Two free-speech groups have urged Los Angeles City College officials to stop censoring student journalists, describing the administration as one of the worst offenders in recent memory.
The Student Press Law Center and the Foundation for Individual Rights in Education outlined their complaints in a Jan. 15 letter to college officials. The letter describes “roadblocks, hostility and threats directed at Collegian journalists” by LACC President Jamillah Moore’s administration. The letter was written to LACC Board of Trustees President Mona Field.
For all of its faults, Los Angeles City College’s student newspaper is clearly serving its students well. LACC should he applauding its tenacious, serious, award-winning group of student journalists, students who are committed to telling the truth even when it brings the animus of their supposed educators. ... The Collegian must remain editorially independent. With the school’s accreditation already in jeopardy, this is a perilous time for LACC to take its moral and legal obligations lightly.
Sen. Leland Yee, D-San Francisco, who has been tracking the issue in LA, has called for an investigation into possible violations of student journalists' rights, the Student Press Law Center said.
In response to the complaints, one city college official downplayed the seriousness of the charges, given the school's other problems. The LA Times reports: "Student Services Vice President Lawrence Bradford acknowledged the tensions between student journalists and administrators, but called it a distraction as the college copes with accreditation and financial problems."
The story describes some of the incidents that advocates say hindered free speech:
- Collegian reporter Mars Melnicoff used her cellphone to record a July 16 public meeting about the college's accreditation problems. After the meeting, the letter alleges, Moore told Melnicoff she would have to sign a release before she could use her own recording.
- In September, the administration cut the paper's printing budget by 40 percent. After Yee's office called the college to express concern, administration officials said the 40 percent reduction was a mistake and changed it to 16 percent.
- Administrators tried to retaliate against an employee they thought had leaked the budget document to the Collegian. A department chairperson, Daniel Marlos, received a memo warning that he could be disciplined for “giving documents to people who are not involved in the decision-making business of the college or district,” the letter alleges. The warning memo was rescinded after Marlos denied releasing the document.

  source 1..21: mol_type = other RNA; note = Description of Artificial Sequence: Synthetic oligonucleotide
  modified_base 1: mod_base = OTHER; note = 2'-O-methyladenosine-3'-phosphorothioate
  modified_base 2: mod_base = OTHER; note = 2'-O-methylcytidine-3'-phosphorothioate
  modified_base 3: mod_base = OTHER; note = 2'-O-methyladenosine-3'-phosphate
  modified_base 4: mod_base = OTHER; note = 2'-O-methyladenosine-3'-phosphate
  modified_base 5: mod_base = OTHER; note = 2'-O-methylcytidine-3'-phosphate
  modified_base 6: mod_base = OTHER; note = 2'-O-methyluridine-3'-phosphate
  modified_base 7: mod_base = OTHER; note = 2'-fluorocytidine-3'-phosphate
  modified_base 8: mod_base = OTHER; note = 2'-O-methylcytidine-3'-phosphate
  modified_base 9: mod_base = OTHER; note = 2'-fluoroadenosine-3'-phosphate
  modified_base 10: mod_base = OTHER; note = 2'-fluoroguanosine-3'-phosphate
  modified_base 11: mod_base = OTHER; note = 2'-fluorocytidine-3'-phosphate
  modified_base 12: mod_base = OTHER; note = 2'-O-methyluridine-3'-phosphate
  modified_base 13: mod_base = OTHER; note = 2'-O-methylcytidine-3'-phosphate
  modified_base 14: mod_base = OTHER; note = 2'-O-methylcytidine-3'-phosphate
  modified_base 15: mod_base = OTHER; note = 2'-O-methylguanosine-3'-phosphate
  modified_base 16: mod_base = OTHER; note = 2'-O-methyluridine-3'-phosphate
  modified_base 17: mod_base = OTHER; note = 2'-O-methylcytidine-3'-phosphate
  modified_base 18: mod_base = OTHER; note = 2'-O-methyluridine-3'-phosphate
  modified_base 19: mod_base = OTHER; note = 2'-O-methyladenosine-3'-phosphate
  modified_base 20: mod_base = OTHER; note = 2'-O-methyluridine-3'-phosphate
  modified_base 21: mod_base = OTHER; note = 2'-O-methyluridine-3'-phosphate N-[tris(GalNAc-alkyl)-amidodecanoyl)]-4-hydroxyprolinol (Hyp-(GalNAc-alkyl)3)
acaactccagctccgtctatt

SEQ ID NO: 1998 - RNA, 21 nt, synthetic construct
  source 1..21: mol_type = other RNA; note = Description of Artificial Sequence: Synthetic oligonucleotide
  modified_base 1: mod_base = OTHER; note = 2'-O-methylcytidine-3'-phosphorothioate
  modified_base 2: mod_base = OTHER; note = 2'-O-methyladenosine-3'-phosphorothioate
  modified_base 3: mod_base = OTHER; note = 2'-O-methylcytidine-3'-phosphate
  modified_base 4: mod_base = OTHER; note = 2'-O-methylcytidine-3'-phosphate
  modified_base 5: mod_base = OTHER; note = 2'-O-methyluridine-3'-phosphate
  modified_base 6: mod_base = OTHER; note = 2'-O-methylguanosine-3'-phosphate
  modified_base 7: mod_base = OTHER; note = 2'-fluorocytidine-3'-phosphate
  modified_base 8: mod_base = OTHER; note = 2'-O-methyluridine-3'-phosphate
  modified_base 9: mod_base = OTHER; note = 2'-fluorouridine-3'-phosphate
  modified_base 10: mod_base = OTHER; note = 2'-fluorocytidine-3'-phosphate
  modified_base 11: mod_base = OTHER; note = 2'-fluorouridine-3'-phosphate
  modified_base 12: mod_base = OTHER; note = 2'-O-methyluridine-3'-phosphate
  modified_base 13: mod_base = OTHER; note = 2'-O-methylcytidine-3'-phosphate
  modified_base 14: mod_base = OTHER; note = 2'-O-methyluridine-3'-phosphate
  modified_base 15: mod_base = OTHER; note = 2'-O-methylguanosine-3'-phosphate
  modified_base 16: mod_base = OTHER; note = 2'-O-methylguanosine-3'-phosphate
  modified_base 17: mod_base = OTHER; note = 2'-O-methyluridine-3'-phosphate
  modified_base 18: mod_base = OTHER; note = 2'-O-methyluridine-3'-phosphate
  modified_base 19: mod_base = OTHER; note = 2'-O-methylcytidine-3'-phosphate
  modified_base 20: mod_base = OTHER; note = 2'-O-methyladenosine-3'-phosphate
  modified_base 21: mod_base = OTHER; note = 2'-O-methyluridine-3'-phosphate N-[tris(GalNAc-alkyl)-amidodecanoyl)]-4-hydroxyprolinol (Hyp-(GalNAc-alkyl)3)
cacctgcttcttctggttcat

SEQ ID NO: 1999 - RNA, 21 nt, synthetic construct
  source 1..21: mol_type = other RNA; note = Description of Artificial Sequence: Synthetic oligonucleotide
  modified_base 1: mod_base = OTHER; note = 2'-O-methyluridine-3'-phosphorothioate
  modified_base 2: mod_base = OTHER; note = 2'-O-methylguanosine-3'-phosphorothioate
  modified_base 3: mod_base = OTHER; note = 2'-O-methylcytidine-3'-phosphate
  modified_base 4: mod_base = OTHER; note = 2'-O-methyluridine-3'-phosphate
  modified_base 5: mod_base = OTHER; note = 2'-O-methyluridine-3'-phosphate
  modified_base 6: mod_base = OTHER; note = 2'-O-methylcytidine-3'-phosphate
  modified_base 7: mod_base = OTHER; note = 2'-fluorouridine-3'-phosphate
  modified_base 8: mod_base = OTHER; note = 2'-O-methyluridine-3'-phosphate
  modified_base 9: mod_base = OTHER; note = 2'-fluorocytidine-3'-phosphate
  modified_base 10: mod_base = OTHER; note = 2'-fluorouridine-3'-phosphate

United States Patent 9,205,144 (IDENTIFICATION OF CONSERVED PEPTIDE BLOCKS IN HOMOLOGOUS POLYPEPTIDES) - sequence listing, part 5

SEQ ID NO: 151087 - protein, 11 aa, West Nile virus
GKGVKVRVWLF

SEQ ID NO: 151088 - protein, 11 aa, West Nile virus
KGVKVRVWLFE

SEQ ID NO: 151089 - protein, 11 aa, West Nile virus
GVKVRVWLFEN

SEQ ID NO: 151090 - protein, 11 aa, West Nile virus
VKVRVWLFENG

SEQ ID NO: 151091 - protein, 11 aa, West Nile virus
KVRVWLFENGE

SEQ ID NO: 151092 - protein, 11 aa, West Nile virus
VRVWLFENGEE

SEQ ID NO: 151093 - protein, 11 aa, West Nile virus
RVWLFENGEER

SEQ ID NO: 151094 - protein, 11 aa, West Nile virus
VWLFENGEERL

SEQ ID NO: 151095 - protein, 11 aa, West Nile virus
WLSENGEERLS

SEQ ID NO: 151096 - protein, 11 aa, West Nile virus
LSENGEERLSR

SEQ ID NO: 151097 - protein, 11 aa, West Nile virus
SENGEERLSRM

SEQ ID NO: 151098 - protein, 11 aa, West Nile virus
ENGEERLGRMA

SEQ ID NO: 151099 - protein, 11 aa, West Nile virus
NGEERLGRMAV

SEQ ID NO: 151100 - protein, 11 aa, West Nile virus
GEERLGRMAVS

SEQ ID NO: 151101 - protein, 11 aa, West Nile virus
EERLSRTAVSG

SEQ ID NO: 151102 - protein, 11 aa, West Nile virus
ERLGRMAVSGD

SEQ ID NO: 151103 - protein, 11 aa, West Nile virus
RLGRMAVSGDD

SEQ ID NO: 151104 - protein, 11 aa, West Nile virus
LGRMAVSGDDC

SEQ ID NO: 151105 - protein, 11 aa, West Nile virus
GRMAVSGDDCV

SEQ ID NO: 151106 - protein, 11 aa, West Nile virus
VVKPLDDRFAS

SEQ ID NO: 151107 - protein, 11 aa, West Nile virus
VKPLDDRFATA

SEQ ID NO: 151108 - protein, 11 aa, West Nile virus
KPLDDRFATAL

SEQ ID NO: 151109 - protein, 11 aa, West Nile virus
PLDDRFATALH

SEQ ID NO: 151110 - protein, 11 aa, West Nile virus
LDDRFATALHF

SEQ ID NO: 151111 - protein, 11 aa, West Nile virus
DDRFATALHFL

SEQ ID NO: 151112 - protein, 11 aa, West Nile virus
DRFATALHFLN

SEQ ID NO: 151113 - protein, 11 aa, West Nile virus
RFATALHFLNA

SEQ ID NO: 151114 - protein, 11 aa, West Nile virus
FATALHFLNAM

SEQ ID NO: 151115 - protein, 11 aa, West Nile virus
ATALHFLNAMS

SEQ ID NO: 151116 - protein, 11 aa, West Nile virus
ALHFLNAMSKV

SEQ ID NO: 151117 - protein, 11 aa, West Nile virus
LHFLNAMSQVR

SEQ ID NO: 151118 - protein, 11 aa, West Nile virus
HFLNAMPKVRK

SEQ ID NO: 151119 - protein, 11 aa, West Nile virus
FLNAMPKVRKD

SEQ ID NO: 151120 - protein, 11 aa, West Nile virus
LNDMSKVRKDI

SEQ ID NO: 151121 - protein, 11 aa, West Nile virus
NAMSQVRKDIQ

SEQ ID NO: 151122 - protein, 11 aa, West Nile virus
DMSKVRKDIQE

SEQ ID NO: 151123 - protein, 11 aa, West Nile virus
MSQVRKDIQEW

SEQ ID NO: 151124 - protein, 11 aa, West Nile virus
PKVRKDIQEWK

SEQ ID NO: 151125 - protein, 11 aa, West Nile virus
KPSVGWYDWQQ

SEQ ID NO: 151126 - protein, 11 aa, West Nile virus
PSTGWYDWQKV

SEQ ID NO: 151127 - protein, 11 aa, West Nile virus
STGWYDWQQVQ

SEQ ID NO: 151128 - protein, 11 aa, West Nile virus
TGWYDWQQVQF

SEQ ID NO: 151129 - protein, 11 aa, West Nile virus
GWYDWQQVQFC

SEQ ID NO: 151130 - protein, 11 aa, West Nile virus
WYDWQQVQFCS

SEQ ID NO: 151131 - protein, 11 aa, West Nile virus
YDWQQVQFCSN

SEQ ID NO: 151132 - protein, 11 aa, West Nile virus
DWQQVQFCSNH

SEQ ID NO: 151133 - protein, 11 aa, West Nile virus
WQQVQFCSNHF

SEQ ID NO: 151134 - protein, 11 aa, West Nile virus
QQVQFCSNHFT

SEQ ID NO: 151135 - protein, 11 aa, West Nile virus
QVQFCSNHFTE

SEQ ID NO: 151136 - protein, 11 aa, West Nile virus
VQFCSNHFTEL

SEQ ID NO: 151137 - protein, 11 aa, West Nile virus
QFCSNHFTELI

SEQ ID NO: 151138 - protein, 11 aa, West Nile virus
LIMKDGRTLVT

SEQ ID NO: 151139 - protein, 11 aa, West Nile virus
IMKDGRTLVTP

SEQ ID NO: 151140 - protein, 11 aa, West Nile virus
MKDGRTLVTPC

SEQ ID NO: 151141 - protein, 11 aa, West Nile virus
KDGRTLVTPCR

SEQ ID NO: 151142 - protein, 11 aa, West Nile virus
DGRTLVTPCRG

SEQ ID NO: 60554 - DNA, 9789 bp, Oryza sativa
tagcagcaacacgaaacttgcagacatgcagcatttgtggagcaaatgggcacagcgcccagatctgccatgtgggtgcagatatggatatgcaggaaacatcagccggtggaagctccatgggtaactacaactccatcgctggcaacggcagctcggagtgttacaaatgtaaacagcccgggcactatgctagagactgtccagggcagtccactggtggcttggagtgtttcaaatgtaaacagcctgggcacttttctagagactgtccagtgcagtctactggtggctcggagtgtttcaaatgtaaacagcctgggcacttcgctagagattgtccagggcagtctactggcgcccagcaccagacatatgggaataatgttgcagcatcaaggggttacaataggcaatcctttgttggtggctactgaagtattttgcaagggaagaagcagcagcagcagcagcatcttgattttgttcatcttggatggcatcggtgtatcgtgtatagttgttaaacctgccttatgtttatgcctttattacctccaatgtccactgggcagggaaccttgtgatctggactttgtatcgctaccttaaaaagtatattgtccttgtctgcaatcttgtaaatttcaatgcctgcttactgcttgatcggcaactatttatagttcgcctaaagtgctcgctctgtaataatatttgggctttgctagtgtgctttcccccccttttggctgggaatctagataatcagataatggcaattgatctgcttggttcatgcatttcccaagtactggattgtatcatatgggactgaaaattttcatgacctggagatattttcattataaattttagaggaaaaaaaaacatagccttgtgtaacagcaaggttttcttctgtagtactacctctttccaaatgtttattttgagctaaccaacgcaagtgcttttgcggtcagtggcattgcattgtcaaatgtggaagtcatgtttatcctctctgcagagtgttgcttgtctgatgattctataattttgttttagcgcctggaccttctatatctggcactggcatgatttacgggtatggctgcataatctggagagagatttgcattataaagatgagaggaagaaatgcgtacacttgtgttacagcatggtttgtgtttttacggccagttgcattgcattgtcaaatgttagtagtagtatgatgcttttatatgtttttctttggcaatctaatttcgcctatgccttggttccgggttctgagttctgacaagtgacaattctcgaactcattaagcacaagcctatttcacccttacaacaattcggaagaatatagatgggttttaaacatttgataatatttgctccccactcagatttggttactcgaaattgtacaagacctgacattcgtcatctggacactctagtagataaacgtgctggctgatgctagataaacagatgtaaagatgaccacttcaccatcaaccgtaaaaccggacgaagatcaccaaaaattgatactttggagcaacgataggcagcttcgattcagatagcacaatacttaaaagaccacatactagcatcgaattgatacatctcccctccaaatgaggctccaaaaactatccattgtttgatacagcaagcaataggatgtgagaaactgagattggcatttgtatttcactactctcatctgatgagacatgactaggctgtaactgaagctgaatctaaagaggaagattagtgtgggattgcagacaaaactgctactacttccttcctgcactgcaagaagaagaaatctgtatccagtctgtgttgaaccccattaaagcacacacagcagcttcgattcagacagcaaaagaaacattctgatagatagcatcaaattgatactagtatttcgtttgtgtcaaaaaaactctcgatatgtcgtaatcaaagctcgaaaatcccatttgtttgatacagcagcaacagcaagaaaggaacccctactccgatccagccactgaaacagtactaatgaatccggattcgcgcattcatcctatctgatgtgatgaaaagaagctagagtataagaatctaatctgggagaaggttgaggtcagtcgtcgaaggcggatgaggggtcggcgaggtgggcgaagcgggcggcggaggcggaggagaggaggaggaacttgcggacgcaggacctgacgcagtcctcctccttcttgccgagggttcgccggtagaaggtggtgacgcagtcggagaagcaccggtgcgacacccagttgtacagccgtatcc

There are a few more incidents described in the letter as well. Moore incorrectly told Guess that video and photos taken on campus would require releases, the letter claims. The letter alleges that when Melnicoff was working on a story about academic fraud in the basketball program, the coach said to her: “How long have you been at LACC? If you want to stay here, I highly recommend that you drop this story.”
And when Collegian reporters tried to interview workers with a construction company on campus, the journalists were told that Moore had barred the workers from speaking with reporters, the letter says. In addition, the college has proposed moving the Collegian under the supervision of student affairs, where students would be counseled by the vice president of that department. The advocacy groups tend to think this will lead to mandatory pre-publication “counseling” on content.
“No institution in SPLC’s recent memory has attempted censorship as persistently or with as many diverse methods as Los Angeles City College," the letter reads.
It will be interesting to see what, if any, reaction LACC has to the call for changes.
As Greg Lukianoff explains, American schools have had a long history of censorship, not just with student newspapers. Just this month, the 9,000-student Menifee Union School District in Southern California formed a panel to discuss banning dictionaries that contain definitions of sexual acts. Lukianoff opens his story with this example:
In 2007 a student working his way through college was found guilty of racial harassment for reading a book in public. Some of his co-workers had been offended by the book’s cover, which included pictures of men in white robes and peaked hoods along with the tome’s title, Notre Dame vs. the Klan. The student desperately explained that it was an ordinary history book, not a racist tract, and that it in fact celebrated the defeat of the Klan in a 1924 street fight. Nonetheless, the school, without even bothering to hold a hearing, found the student guilty of openly reading [a] book related to a historically and racially abhorrent subject.